Growth Metabolism
and Physiology in Drosophila



Perturbation of homeostasis are critical for the progression of human diseases including metabolic syndrome, diabetes and cancers. Through the investigation of basal metabolism, we have shown that fatty acid synthesis is critical to protect against dietary sugar, in particular to prevent the formation of AGEs (Advanced Glycation End-products) (Figure 1) (, which are responsible for the deleterious effect of metabolic syndrome and diabetes. Further, activation of mTOR (mechanistic Target of Rapamycin) stimulates basal metabolism, potentially to sustain cell growth. mTOR  is present in two distinct complexes, mTORC1 responds to nutrients, whereas mTORC2 acts downstream of insulin-like-peptide (ILp) signaling. In Drosophila, either signaling branch can be independently modulated and we have shown that cell-autonomous overgrowth induced by Ilp/mTORC2, but not mTORC1, is sensitive to basic metabolism (in press). Finally, we are currently studying the mechanisms of autophagy regulation by mTORC1 signaling.

Figure 1: Fatty acid synthesis and dietary sugar. The Drosophila fat body fulfils hepatic and adipose functions. Triacylglycerol synthesis is the main metabolic pathway limiting the formation of AGEs from the glycolytic triose-phosphate. Inhibition of fatty acid synthesis dramatically increases the synthesis of glycogen and AGEs and the latter become toxic at the organismal and cellular levels, in particular under a high sugar diet.

Reproduction and Development 

Sexual pheromones are essential to maintain species isolation. In insects, these chemical signals are produced in the oenocytes, which are cells specialized in lipid metabolism. In Drosophila larvae, we have shown that a specific very long chain fatty acid synthesized in the oenocytes is essential for waterproofing the tracheal system ( In collaboration with Claude Wicker-Thomas (EGCE, CNRS), we have shown that in the adult, the long chain fatty acids used as precursors of pheromone synthesis can have multiples origins, whereas the final steps of this synthesis takes place exclusively in the oenocytes (Figure 2) (doi: 10.1194/jlr.M060368). We are currently studying the role of oenocytes in female fertility.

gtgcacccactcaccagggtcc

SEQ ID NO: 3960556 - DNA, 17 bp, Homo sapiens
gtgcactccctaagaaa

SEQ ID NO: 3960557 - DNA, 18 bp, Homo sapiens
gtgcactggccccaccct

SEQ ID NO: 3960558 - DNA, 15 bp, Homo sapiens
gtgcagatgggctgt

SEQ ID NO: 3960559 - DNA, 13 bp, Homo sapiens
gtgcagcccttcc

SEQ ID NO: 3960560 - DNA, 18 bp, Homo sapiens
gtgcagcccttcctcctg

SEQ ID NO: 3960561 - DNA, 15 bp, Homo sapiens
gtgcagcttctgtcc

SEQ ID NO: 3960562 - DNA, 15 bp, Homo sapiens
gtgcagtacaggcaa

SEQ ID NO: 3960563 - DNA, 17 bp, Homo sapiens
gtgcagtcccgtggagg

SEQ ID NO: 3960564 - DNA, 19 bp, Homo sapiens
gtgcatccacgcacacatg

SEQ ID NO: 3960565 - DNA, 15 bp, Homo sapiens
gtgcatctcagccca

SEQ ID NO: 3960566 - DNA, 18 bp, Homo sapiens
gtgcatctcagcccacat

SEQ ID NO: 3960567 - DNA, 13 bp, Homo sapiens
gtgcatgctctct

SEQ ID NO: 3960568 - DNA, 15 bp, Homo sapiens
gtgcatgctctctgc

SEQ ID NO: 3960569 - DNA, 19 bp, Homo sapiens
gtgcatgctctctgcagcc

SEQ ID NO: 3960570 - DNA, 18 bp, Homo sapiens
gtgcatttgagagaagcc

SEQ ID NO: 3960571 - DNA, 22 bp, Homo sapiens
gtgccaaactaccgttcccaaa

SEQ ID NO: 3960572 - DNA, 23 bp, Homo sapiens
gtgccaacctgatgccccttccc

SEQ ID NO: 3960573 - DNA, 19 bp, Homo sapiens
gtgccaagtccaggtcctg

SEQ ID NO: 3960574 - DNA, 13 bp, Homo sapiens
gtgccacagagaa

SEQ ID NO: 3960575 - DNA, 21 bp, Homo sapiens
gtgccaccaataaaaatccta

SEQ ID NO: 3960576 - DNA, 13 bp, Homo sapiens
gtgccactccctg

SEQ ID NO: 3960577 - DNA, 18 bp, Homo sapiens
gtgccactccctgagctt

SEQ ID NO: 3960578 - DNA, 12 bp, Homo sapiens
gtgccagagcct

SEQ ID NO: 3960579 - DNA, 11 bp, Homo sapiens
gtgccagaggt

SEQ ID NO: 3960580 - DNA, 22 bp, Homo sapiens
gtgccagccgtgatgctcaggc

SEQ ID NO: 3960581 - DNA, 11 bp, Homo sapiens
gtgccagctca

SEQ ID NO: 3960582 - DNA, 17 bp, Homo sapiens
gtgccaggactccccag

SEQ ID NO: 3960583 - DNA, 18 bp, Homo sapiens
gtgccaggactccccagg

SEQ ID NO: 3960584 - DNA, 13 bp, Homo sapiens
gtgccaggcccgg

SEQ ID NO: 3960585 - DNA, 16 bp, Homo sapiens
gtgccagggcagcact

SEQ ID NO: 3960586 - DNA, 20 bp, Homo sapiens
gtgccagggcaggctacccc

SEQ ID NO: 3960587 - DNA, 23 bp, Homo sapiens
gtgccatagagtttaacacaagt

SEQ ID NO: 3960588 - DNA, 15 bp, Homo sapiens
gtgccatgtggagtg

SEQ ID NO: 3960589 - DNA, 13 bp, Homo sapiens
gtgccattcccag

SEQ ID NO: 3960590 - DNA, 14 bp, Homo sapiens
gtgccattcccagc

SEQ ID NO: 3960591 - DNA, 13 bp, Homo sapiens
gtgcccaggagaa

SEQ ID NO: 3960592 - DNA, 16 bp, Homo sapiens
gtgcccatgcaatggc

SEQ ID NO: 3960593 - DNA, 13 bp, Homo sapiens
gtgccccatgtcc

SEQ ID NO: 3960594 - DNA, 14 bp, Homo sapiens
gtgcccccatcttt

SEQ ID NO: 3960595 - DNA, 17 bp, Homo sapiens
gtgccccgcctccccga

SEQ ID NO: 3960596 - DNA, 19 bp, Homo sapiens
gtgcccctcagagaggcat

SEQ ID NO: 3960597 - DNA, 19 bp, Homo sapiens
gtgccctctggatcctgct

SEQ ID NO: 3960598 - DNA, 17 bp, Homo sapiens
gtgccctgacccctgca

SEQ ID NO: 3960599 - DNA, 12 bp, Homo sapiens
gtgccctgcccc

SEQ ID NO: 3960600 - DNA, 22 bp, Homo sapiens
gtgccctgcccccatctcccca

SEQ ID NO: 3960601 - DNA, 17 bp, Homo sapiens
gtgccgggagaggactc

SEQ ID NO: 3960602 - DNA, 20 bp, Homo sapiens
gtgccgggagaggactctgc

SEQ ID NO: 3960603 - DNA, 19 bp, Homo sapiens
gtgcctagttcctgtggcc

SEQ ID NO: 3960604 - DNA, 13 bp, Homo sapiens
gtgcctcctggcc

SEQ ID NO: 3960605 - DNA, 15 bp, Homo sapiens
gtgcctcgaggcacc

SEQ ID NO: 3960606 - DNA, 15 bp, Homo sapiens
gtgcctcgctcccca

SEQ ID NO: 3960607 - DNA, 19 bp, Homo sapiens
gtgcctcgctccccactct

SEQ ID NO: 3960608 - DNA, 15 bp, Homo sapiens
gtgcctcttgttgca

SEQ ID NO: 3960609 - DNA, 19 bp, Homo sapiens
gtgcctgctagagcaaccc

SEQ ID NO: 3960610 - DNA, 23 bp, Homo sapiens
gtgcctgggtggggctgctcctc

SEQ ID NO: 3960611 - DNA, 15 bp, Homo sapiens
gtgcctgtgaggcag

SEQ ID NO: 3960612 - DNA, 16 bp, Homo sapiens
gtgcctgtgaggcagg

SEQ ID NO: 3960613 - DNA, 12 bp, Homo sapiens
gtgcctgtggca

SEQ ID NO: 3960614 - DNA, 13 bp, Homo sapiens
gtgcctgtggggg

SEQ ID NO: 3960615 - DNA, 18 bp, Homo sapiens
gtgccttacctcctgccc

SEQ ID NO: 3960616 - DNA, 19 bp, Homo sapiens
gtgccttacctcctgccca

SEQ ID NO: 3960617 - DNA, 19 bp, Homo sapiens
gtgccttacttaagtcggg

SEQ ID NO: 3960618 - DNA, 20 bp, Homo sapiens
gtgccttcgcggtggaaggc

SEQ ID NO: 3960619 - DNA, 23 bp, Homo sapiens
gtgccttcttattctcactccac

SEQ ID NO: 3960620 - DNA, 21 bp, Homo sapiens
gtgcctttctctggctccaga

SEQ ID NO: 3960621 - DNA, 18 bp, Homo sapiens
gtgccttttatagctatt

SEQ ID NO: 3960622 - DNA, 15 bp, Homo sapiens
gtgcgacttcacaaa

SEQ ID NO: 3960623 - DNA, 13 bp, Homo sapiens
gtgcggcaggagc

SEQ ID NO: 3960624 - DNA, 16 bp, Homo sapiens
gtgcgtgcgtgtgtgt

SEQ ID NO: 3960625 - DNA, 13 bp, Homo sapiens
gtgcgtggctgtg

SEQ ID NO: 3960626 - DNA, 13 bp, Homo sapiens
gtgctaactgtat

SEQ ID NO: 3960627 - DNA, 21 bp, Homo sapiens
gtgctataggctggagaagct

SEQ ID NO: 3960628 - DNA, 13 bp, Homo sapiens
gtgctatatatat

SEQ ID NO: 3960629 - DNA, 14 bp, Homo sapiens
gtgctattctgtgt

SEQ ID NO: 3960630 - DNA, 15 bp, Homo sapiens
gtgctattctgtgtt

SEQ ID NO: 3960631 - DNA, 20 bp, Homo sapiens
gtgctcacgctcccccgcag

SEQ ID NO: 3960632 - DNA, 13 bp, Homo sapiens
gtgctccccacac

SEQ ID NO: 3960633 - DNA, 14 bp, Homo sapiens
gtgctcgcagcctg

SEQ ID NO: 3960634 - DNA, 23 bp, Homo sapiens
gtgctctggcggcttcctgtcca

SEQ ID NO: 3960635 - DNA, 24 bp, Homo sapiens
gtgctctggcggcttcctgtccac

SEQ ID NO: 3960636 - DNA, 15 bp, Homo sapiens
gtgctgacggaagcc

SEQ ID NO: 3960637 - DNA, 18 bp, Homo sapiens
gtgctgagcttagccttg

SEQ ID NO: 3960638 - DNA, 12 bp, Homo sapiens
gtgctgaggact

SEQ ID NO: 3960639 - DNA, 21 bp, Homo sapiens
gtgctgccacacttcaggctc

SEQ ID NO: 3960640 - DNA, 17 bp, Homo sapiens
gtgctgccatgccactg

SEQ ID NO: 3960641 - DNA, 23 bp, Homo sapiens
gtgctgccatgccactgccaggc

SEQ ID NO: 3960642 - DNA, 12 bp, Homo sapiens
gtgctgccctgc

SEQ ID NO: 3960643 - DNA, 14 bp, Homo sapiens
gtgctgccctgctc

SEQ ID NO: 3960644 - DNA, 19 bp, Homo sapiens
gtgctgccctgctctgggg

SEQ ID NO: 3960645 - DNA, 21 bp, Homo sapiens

Figure 2: Drosophila pheromones are hydro-carbons produced in the oenocytes from long chain fatty acids (LCFA). We have shown that these LCFA may originate from the oenocytes, but also depend on fat body metabolism and diet, whereas the final steps take place exclusively in the oenocytes.

Another part of the group is interested in how signaling pathways regulate and coordinate events during oogenesis. JAK/STAT pathway activation is required in a sequential manner during oogenesis for very diverse processes such as maintenance of germline stem cells, differentiation of several populations of somatic cells and the determination of the antero-posterior axis of the oocyte and future embryo. We have shown that the JAK/STAT pathway is strictly regulated during oogenesis, in particular through the control of the precise number of cells secreting a ligand for this signaling pathway by induction of apoptosis of supernumerary cells (doi: 10.1038/cddis.2017.166). Presently, we are exploiting the results of a genetic screen that identified several proteins interacting with the actin cytoskeleton as regulators of JAK/STAT signaling (thesis project, Figure 3).